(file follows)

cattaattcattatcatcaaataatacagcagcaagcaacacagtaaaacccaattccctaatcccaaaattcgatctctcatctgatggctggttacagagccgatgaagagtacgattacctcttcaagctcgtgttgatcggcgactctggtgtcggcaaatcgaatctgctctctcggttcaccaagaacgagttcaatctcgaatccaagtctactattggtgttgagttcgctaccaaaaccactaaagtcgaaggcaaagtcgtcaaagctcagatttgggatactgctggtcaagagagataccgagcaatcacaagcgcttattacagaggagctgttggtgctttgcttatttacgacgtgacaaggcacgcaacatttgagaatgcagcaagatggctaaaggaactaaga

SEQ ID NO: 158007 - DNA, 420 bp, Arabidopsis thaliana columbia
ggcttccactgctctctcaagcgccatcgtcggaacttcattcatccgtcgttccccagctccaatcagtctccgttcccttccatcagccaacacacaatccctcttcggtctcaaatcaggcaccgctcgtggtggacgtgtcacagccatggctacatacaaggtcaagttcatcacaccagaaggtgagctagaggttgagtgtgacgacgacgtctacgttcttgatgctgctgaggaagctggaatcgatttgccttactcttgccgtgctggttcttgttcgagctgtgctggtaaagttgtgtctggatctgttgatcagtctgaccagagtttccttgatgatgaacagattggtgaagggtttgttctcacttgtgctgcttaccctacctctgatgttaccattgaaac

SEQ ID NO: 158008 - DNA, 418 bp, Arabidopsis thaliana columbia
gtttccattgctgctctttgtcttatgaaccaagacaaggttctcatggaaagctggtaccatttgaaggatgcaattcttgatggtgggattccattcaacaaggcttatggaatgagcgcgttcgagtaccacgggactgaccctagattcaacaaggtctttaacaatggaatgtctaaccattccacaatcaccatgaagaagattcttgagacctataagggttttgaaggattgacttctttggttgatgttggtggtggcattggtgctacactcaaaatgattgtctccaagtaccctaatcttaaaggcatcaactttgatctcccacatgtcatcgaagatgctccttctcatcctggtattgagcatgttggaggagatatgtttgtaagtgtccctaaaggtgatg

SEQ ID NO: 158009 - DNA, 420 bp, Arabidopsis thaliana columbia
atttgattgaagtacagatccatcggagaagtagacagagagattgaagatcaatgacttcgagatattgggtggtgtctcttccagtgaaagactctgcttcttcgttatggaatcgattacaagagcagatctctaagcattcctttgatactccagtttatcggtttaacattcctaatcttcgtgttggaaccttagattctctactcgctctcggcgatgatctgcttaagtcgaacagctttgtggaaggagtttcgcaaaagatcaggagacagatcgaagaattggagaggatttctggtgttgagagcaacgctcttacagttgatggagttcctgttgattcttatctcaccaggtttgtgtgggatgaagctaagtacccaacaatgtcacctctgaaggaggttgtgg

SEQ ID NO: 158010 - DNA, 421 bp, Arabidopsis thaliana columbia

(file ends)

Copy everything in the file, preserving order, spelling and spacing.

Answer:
cattaattcattatcatcaaataatacagcagcaagcaacacagtaaaacccaattccctaatcccaaaattcgatctctcatctgatggctggttacagagccgatgaagagtacgattacctcttcaagctcgtgttgatcggcgactctggtgtcggcaaatcgaatctgctctctcggttcaccaagaacgagttcaatctcgaatccaagtctactattggtgttgagttcgctaccaaaaccactaaagtcgaaggcaaagtcgtcaaagctcagatttgggatactgctggtcaagagagataccgagcaatcacaagcgcttattacagaggagctgttggtgctttgcttatttacgacgtgacaaggcacgcaacatttgagaatgcagcaagatggctaaaggaactaaga

SEQ ID NO: 158007 - DNA, 420 bp, Arabidopsis thaliana columbia
ggcttccactgctctctcaagcgccatcgtcggaacttcattcatccgtcgttccccagctccaatcagtctccgttcccttccatcagccaacacacaatccctcttcggtctcaaatcaggcaccgctcgtggtggacgtgtcacagccatggctacatacaaggtcaagttcatcacaccagaaggtgagctagaggttgagtgtgacgacgacgtctacgttcttgatgctgctgaggaagctggaatcgatttgccttactcttgccgtgctggttcttgttcgagctgtgctggtaaagttgtgtctggatctgttgatcagtctgaccagagtttccttgatgatgaacagattggtgaagggtttgttctcacttgtgctgcttaccctacctctgatgttaccattgaaac

SEQ ID NO: 158008 - DNA, 418 bp, Arabidopsis thaliana columbia
gtttccattgctgctctttgtcttatgaaccaagacaaggttctcatggaaagctggtaccatttgaaggatgcaattcttgatggtgggattccattcaacaaggcttatggaatgagcgcgttcgagtaccacgggactgaccctagattcaacaaggtctttaacaatggaatgtctaaccattccacaatcaccatgaagaagattcttgagacctataagggttttgaaggattgacttctttggttgatgttggtggtggcattggtgctacactcaaaatgattgtctccaagtaccctaatcttaaaggcatcaactttgatctcccacatgtcatcgaagatgctccttctcatcctggtattgagcatgttggaggagatatgtttgtaagtgtccctaaaggtgatg

SEQ ID NO: 158009 - DNA, 420 bp, Arabidopsis thaliana columbia
atttgattgaagtacagatccatcggagaagtagacagagagattgaagatcaatgacttcgagatattgggtggtgtctcttccagtgaaagactctgcttcttcgttatggaatcgattacaagagcagatctctaagcattcctttgatactccagtttatcggtttaacattcctaatcttcgtgttggaaccttagattctctactcgctctcggcgatgatctgcttaagtcgaacagctttgtggaaggagtttcgcaaaagatcaggagacagatcgaagaattggagaggatttctggtgttgagagcaacgctcttacagttgatggagttcctgttgattcttatctcaccaggtttgtgtgggatgaagctaagtacccaacaatgtcacctctgaaggaggttgtgg

SEQ ID NO: 158010 - DNA, 421 bp, Arabidopsis thaliana columbia